The aptly-named LifeStraw... is a personal, low-cost water purification tool with a life time of 700 litres - approximately one year of water consumption for one person... that could become one of the greatest life-savers in history. It is a 25 cm long, 29 mm diameter, plastic pipe filter and purchased singly, costs around US2.00. (source)
For the first time the World Bank is sponsoring a special category at the annual Commonwealth Broadcasting Association Awards which will promote excellence in the radio and TV coverage of development. If you know of a filmmaker or someone in radio who has produced a program this year highlighting development send them the application form.
In the Financial Times Alain Beattie describes how companies use a variety of strategies to offset supply-chain risks, especially when sourcing from less-developed countries. He mentions the World Bank Group:
Embrace the increasing competitiveness of the aid 'market' and use it to make the market work better. There is no reason that the agencies that set priorities and donate money need to be the agencies that use the money to deliver services. Should aid agencies 'make aid' or simply 'buy aid'? Since competition would probably be much more productive between service delivery organizations than between donor organizations, this split has some attractions. There are several ways in which it might happen...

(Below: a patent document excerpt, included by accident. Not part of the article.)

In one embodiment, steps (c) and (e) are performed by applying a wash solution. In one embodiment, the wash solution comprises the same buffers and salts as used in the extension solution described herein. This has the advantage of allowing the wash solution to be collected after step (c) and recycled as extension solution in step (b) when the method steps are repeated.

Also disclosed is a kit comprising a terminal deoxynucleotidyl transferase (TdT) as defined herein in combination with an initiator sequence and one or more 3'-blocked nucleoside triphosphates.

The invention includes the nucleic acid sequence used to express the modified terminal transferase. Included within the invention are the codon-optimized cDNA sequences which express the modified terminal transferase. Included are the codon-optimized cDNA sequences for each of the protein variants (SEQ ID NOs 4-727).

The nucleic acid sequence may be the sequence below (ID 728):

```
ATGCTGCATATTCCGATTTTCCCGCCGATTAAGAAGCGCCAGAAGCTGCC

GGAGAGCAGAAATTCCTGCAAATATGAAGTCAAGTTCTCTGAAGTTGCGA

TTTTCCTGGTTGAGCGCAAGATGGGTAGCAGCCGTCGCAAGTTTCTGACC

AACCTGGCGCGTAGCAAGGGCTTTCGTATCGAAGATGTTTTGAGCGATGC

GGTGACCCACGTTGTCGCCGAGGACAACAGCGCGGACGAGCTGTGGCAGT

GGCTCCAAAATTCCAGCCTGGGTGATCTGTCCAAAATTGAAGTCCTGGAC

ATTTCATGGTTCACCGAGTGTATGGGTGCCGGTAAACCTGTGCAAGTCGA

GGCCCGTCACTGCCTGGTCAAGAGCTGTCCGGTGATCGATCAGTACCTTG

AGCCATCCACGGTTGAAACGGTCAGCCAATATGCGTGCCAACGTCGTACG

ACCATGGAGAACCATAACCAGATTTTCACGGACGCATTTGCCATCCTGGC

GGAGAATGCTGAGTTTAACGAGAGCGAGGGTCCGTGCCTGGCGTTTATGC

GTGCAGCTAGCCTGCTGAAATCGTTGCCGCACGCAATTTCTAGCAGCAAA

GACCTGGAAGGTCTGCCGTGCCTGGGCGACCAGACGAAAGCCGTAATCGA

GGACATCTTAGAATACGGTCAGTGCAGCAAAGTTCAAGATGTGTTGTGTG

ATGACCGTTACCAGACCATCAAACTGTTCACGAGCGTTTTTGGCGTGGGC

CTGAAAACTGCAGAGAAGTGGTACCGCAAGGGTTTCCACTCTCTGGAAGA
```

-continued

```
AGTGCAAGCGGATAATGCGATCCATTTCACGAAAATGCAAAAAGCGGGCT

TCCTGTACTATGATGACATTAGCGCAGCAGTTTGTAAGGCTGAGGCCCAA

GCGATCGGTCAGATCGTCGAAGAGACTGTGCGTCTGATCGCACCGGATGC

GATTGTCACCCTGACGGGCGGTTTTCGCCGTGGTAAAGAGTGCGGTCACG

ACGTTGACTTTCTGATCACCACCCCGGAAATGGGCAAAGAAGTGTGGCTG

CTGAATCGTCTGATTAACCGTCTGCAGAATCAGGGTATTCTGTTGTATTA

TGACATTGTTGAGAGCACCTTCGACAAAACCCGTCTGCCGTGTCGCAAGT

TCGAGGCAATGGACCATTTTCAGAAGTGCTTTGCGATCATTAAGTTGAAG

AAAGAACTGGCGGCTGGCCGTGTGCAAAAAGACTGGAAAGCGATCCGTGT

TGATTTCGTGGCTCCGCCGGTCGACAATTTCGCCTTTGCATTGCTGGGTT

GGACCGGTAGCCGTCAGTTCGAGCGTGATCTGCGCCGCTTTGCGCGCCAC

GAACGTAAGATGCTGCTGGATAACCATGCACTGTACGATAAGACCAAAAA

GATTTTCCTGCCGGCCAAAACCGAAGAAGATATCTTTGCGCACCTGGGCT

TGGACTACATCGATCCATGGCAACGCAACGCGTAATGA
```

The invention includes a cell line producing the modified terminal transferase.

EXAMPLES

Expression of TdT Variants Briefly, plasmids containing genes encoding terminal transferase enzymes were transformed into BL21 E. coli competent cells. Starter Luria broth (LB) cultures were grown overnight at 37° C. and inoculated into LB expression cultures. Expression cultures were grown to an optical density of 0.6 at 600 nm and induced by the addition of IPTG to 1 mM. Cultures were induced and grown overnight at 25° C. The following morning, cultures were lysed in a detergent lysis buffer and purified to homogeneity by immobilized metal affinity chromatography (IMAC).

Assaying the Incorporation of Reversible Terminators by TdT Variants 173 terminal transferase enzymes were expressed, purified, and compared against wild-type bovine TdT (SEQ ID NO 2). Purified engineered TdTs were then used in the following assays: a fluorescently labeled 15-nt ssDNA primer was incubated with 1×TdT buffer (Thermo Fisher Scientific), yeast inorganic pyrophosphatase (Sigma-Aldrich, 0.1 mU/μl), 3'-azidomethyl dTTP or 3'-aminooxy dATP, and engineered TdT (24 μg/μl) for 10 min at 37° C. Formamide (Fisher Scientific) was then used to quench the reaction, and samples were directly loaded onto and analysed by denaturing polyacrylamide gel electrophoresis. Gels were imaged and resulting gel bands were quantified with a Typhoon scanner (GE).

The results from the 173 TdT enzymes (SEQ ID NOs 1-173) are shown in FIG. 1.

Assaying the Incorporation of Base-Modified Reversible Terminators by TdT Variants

Tomorrow’s Financial Times carries an op-ed by Frederik Segerfeldt, author of ‘Water for Sale: How Businesses and the Market Can Resolve the World’s Water Crisis.’ He optimistically challenges the privatization critics.
The McKinsey Quarterly reports that burdensome government restrictions are choking the potential of India’s mineral resources:
Regulatory approval for mining projects takes three to seven years in India, compared with about 18 months in Australia. Such delays tie up capital, raise project costs and increase uncertainty among investors…
They also blame poor infrastructure:
...sub-$5 system solution – an integrated hardware and software platform constituting all the electronics needed in a mobile phone – that will drive handset costs below $20... Currently, the lowest cost mobile phones on the market are just below $40.